Playing in an attacking midfield role, Alli has licence to roam across the pitch under Pochettino. It’s that freedom which makes it difficult for centre-backs or defensive midfielders to keep track of his runs without being pulled out of position.
Chelsea know first hand how difficult it can be to keep Alli contained. At White Hart Lane at the start of the year the former MK Dons starlet scored two identical goals in a 2-0 win for Spurs.
Both were headers and both came from Alli exploiting space between wing-back Victor Moses and the right sided Blues centre-back, Cesar Azpilicueta.
Conte is a smart man and you expect Chelsea’s players will learn from their past mistakes. But Alli is an intelligent player, capable of finding space elsewhere on the field if one avenue is blocked.
It wouldn’t be a surprise if Nemanja Matic starts the game and sits deep for the majority of the contest with his main purpose being to keep Alli quiet.
Reigniting Diego Costa
During the opening half of the Premier League season there were few better strikers in the world than Diego Costa.
He was scoring regularly, leading the Chelsea attack stoically and, most importantly, was no longer getting into arguments and scraps with opposition players throughout matches.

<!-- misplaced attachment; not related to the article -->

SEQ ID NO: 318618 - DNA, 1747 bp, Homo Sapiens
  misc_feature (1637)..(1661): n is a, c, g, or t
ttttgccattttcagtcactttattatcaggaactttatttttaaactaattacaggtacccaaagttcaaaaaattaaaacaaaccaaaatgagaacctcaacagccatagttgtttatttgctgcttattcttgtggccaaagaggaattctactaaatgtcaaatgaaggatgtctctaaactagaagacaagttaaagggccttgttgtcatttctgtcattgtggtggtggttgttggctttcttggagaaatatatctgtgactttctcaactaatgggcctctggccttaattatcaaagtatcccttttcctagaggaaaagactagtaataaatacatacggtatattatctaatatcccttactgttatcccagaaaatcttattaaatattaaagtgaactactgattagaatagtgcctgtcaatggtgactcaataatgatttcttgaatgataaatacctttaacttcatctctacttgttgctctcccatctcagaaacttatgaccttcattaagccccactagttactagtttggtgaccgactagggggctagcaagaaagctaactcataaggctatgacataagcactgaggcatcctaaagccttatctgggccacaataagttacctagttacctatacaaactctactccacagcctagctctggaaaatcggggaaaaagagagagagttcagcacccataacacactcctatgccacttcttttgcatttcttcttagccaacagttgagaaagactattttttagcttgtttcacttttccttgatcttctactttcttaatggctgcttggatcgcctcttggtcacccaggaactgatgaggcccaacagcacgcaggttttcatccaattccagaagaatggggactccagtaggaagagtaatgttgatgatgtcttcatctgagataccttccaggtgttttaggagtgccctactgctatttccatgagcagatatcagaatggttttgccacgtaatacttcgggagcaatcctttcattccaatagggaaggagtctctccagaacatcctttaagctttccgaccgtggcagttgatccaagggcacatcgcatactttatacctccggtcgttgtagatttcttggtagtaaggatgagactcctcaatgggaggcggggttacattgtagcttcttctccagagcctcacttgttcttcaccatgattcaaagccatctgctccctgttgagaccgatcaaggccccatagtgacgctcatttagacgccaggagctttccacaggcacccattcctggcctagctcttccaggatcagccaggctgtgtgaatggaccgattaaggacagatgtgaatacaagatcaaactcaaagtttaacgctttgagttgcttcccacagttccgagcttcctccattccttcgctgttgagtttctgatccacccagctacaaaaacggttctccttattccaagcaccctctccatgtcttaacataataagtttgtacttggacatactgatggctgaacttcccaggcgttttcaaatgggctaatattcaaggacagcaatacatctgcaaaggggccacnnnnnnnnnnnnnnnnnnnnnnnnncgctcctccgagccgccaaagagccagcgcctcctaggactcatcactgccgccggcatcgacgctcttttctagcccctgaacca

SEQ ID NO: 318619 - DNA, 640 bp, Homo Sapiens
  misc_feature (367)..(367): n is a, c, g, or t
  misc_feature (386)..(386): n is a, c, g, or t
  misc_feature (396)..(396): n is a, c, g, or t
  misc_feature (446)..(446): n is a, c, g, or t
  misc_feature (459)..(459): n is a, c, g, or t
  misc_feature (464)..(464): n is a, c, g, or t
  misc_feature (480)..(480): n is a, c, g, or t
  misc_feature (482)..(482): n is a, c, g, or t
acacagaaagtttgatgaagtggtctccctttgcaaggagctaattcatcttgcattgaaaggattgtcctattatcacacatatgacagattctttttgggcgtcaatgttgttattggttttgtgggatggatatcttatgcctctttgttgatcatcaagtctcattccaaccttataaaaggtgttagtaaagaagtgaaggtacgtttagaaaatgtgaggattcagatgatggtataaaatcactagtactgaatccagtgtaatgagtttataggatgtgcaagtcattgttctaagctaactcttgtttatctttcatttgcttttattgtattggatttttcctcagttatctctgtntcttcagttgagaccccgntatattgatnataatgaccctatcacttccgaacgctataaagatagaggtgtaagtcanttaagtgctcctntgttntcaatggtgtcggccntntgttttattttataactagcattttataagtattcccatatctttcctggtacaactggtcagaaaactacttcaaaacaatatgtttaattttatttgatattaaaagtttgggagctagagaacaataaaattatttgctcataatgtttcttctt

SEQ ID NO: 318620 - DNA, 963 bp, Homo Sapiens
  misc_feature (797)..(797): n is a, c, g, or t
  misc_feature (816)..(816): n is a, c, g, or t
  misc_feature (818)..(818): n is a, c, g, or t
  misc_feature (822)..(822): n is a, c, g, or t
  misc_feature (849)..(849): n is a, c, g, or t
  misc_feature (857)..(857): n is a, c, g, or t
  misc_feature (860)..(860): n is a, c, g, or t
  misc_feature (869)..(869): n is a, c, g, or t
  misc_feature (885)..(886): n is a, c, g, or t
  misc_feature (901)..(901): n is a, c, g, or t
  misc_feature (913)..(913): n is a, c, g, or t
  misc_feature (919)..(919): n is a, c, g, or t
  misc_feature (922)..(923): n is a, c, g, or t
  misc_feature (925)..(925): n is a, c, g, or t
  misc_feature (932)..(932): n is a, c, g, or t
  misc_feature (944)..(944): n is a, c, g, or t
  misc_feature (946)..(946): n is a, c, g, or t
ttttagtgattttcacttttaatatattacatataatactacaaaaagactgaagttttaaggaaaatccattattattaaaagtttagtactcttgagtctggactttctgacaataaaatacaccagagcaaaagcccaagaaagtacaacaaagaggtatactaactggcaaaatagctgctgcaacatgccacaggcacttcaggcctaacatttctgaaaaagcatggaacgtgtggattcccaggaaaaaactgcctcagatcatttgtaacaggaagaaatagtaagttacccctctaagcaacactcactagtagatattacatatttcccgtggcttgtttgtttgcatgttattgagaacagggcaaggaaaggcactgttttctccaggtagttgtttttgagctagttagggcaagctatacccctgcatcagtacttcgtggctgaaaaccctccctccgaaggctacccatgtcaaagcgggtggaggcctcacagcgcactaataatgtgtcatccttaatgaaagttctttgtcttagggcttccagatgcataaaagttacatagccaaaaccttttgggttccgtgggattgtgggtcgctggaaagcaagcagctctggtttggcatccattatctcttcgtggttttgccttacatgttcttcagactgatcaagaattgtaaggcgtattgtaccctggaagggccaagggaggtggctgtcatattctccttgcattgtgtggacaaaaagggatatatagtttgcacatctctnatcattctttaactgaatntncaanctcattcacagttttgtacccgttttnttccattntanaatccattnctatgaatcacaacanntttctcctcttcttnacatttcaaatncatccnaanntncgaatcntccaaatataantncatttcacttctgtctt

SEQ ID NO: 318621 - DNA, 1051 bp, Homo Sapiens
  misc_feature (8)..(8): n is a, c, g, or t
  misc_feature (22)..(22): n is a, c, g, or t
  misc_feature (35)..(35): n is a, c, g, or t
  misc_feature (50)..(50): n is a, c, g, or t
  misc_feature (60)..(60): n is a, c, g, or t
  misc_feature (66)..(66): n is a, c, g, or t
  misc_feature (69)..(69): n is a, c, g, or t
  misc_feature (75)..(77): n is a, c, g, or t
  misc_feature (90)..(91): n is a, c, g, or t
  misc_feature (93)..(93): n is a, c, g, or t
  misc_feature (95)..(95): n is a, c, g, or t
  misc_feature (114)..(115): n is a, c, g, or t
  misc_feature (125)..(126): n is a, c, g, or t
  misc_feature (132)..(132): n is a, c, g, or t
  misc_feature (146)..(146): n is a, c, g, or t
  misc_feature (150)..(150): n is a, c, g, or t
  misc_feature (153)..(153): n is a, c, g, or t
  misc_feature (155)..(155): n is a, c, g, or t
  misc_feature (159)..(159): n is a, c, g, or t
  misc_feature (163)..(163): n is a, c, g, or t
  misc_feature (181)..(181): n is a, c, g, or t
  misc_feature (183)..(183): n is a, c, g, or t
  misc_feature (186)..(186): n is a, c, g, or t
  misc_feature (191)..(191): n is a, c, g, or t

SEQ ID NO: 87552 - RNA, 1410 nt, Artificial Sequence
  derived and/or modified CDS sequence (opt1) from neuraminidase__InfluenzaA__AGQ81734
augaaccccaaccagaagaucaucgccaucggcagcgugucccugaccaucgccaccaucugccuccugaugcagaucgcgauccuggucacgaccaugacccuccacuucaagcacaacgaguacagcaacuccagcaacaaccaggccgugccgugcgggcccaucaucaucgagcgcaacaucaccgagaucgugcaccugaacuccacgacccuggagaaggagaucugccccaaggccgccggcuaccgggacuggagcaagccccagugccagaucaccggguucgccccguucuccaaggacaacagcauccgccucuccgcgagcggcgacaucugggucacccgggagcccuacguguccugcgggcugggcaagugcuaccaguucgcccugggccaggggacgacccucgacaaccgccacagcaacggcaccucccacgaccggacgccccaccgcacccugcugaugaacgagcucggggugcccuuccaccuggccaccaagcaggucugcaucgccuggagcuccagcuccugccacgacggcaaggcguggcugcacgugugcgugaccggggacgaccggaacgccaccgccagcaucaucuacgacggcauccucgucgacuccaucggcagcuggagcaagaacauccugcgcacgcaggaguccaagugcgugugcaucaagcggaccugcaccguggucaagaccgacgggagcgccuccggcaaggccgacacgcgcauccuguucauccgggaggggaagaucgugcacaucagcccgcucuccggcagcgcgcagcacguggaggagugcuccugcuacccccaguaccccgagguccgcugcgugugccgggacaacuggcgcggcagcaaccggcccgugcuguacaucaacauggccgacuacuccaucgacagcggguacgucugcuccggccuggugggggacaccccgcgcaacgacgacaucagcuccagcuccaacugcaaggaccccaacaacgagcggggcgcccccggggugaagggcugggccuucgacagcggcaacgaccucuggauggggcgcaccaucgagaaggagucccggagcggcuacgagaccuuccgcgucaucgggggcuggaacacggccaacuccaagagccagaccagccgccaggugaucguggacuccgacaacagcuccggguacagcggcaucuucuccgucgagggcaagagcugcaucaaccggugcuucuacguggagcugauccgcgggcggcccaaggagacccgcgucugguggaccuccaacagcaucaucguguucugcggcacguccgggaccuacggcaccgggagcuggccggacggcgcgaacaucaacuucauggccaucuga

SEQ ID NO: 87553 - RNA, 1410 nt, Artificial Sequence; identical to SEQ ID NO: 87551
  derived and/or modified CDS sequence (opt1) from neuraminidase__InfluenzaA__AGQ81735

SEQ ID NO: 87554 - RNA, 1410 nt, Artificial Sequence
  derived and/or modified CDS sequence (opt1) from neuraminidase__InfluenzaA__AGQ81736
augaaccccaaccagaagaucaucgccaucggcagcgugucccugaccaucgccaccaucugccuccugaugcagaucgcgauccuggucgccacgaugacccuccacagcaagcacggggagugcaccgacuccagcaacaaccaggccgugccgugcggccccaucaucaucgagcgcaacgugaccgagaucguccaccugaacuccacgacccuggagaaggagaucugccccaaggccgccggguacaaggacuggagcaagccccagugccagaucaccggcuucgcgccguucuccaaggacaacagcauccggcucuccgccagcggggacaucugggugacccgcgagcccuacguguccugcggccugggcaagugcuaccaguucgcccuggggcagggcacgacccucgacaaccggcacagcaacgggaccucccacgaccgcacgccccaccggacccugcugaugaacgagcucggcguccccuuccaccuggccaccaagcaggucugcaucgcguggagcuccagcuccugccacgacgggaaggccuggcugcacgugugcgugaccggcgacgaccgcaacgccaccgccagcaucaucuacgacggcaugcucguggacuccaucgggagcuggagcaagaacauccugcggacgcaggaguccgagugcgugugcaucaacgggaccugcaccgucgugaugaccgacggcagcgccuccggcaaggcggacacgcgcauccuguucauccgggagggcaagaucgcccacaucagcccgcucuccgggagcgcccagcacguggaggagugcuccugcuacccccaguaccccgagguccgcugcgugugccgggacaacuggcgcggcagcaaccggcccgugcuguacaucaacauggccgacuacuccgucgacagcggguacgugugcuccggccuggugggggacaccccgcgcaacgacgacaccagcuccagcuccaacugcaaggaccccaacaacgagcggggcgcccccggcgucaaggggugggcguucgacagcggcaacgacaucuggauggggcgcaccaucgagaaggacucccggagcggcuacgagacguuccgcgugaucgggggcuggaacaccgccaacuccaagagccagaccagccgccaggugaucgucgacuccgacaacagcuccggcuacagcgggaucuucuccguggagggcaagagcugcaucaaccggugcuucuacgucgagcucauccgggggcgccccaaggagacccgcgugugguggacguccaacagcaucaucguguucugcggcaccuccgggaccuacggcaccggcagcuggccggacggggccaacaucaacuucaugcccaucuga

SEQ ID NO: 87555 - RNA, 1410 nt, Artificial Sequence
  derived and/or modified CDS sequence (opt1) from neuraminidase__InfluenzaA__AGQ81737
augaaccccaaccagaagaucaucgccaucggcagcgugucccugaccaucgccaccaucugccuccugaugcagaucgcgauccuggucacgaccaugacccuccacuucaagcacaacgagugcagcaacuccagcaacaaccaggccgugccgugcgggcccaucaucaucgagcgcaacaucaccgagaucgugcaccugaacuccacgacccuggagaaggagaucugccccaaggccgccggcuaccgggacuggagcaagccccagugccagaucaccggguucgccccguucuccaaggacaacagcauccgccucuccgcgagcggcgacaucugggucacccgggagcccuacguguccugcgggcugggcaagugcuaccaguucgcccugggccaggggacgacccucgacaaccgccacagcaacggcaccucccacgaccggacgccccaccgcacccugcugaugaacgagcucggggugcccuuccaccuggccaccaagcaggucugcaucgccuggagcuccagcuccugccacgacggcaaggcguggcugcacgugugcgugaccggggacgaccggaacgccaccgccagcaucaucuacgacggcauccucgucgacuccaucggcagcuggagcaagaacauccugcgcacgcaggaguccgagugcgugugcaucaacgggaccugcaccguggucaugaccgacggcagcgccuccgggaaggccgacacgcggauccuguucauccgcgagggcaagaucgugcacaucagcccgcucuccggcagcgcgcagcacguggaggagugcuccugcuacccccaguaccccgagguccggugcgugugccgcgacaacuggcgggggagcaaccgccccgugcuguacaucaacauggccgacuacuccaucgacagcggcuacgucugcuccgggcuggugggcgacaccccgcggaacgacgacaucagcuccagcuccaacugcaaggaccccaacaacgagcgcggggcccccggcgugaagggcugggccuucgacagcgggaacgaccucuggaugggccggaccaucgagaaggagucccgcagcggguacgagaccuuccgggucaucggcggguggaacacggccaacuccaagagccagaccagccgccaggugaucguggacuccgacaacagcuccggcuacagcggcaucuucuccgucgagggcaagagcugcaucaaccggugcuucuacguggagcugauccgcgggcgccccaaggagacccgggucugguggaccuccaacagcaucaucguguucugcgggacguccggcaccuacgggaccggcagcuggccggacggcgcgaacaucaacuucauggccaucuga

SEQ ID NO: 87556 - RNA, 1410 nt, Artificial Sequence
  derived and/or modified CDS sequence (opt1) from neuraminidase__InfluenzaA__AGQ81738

Yet the Spain international’s form has collapsed since the turn of the year. He has scored just four goals for the Blues and they’ve come against Hull City, Swansea City, West Ham United and Wolverhampton Wanderers.
With Conte seemingly not trusting backup striker Michy Batshuayi, Costa has continued to start every game for the Blues but, as demonstrated against Manchester United last weekend, he is doing little to justify his selection.
Costa managed just one shot against Jose Mourinho’s side, which was off target, and completed just 23 passes in 90 minutes. Rather than working hard for his team-mates, the 28-year-old spent much of the game in running battle with Marcos Rojo.
Conte and Chelsea can’t afford that Costa to turn up at Wembley. They need the focused striker from the opening months of the season, especially as he will be coming up against arguably the finest centre-back pairing in England in Toby Alderweireld and Jan Vertonghen.